Op-Ed: Faith in the Public Arena; A Response to Al Cross

Op-Ed by Republican Strategist David Harris

I am writing a response to Al Cross’s column in part regarding his statement regarding Ambassador Craft’s campaign, “Christian imagery in mailers that make it seem like she’s running for Sunday-school superintendent, not governor. What does evangelist Franklin Graham know about who should be our governor?”

Full disclosure: I have been fortunate to have gotten to know and become friends with many of the candidates for Governor including Ambassador Craft, and have chosen to publicly endorse Commissioner Ryan Quarles for Governor because he has been my good friend for over 25 years, groomsman in my wedding, he has deep grassroots support of over 240 endorsements by local and state elected officials, strong legislative and executive branch executive experience to serve as Kentucky’s next Governor.

I grew up in a family that valued public service, my Dad served 20 years in the United States Air Force and 26 years in the state legislature, and I have chosen the public arena for my career. I’ve gotten to meet and know hundreds of local, state, and federal officials and candidates who are good, decent, hard working people who love their family, their community, and state and have a deep desire to work towards “a more perfect union”.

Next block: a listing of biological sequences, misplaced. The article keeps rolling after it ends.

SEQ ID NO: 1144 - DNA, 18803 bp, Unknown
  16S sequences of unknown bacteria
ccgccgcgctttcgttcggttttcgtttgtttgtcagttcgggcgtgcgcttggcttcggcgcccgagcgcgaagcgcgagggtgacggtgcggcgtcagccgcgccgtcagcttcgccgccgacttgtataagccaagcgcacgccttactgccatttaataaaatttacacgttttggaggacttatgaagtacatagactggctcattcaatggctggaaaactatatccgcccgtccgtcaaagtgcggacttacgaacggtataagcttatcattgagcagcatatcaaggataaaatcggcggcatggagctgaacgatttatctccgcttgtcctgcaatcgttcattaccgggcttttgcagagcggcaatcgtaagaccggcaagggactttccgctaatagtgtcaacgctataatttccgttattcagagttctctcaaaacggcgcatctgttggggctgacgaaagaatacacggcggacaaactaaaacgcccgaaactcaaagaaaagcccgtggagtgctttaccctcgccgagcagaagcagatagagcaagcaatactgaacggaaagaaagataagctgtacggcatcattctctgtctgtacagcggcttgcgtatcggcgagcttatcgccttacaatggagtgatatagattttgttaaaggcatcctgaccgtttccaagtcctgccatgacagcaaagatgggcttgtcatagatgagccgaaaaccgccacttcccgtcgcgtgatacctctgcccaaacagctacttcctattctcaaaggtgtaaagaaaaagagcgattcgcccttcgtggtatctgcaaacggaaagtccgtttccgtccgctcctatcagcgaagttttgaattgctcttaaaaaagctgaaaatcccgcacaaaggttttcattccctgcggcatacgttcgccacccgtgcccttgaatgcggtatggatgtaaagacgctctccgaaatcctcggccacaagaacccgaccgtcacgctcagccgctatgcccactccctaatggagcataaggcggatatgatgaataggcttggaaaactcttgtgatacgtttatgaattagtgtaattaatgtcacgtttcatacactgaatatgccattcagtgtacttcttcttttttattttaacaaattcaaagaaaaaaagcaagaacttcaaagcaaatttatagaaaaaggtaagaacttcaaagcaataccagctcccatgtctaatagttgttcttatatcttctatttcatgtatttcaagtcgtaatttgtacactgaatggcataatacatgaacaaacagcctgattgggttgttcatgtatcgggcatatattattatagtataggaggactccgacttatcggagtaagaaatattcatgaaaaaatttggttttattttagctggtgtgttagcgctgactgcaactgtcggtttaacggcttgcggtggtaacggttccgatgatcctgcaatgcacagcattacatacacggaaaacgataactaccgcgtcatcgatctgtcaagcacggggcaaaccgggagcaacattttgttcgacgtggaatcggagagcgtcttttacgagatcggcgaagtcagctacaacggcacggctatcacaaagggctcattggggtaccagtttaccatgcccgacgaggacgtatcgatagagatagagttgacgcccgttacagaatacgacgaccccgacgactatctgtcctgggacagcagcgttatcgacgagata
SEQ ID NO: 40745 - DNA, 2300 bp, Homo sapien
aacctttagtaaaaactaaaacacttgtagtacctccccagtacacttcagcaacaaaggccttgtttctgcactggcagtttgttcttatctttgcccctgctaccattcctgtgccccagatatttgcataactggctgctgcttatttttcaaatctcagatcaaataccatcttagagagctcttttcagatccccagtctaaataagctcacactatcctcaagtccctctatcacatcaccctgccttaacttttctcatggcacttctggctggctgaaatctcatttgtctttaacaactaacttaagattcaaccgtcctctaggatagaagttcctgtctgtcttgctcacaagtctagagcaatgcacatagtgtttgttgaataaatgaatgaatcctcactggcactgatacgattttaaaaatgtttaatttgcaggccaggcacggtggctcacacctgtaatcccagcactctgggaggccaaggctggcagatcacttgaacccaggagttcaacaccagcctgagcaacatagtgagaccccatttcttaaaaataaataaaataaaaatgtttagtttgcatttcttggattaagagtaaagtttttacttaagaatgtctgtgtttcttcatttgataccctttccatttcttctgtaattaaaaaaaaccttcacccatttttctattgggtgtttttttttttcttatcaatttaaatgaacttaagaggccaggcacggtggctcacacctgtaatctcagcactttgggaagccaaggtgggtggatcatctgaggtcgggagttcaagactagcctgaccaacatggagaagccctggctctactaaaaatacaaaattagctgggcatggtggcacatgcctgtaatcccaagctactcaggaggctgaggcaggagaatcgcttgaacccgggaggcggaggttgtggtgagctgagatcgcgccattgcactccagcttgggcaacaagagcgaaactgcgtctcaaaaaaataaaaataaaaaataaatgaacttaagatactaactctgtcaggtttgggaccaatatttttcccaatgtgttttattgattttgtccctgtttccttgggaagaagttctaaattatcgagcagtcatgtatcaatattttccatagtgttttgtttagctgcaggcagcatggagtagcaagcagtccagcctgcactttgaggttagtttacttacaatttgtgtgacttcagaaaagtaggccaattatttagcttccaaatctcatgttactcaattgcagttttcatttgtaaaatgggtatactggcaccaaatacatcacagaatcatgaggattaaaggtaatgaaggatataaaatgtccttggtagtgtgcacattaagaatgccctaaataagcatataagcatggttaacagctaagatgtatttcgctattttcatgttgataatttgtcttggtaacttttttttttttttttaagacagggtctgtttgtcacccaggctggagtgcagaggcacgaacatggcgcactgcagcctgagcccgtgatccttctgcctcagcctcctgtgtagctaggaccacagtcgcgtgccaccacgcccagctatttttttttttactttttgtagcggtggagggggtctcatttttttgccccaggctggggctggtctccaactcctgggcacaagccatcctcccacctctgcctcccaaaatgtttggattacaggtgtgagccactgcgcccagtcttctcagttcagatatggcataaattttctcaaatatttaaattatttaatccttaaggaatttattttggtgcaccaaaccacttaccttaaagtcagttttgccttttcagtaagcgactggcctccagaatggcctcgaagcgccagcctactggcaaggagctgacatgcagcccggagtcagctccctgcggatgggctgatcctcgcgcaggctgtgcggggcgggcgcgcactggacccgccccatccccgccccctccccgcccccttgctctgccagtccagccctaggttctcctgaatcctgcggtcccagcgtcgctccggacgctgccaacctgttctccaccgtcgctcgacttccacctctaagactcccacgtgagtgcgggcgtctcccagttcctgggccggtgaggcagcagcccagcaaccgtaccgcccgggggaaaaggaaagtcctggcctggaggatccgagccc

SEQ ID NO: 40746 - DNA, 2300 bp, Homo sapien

When I first meet a candidate or official, I want to know who they are, what they believe, why they are running, and what they hope to accomplish. Everyone has guiding philosophy, principles, ideals that they live by. For many people who run for office, their faith is why they do what they do, and they have deeply seated belief in the founding principles of this nation enshrined in the Declaration of Independence, “endowed by our Creator with certain unalienable Rights, that among these are Life, Liberty and the pursuit of Happiness.” The Declaration of Independence is our nation’s Why and the Constitution is our How. We are exercising the First Amendment in this space of “Congress shall make no law respecting an establishment of religion, or prohibiting the free exercise thereof; or abridging the freedom of speech, or of the press; or the right of the people peaceably to assemble, and to petition the Government for a redress of grievances.” Ambassador Craft saying that “campaign is one built on faith” is not a religious test, it is a statement of her Why, who she is as a person, how her faith is foundational and everything else flows from that.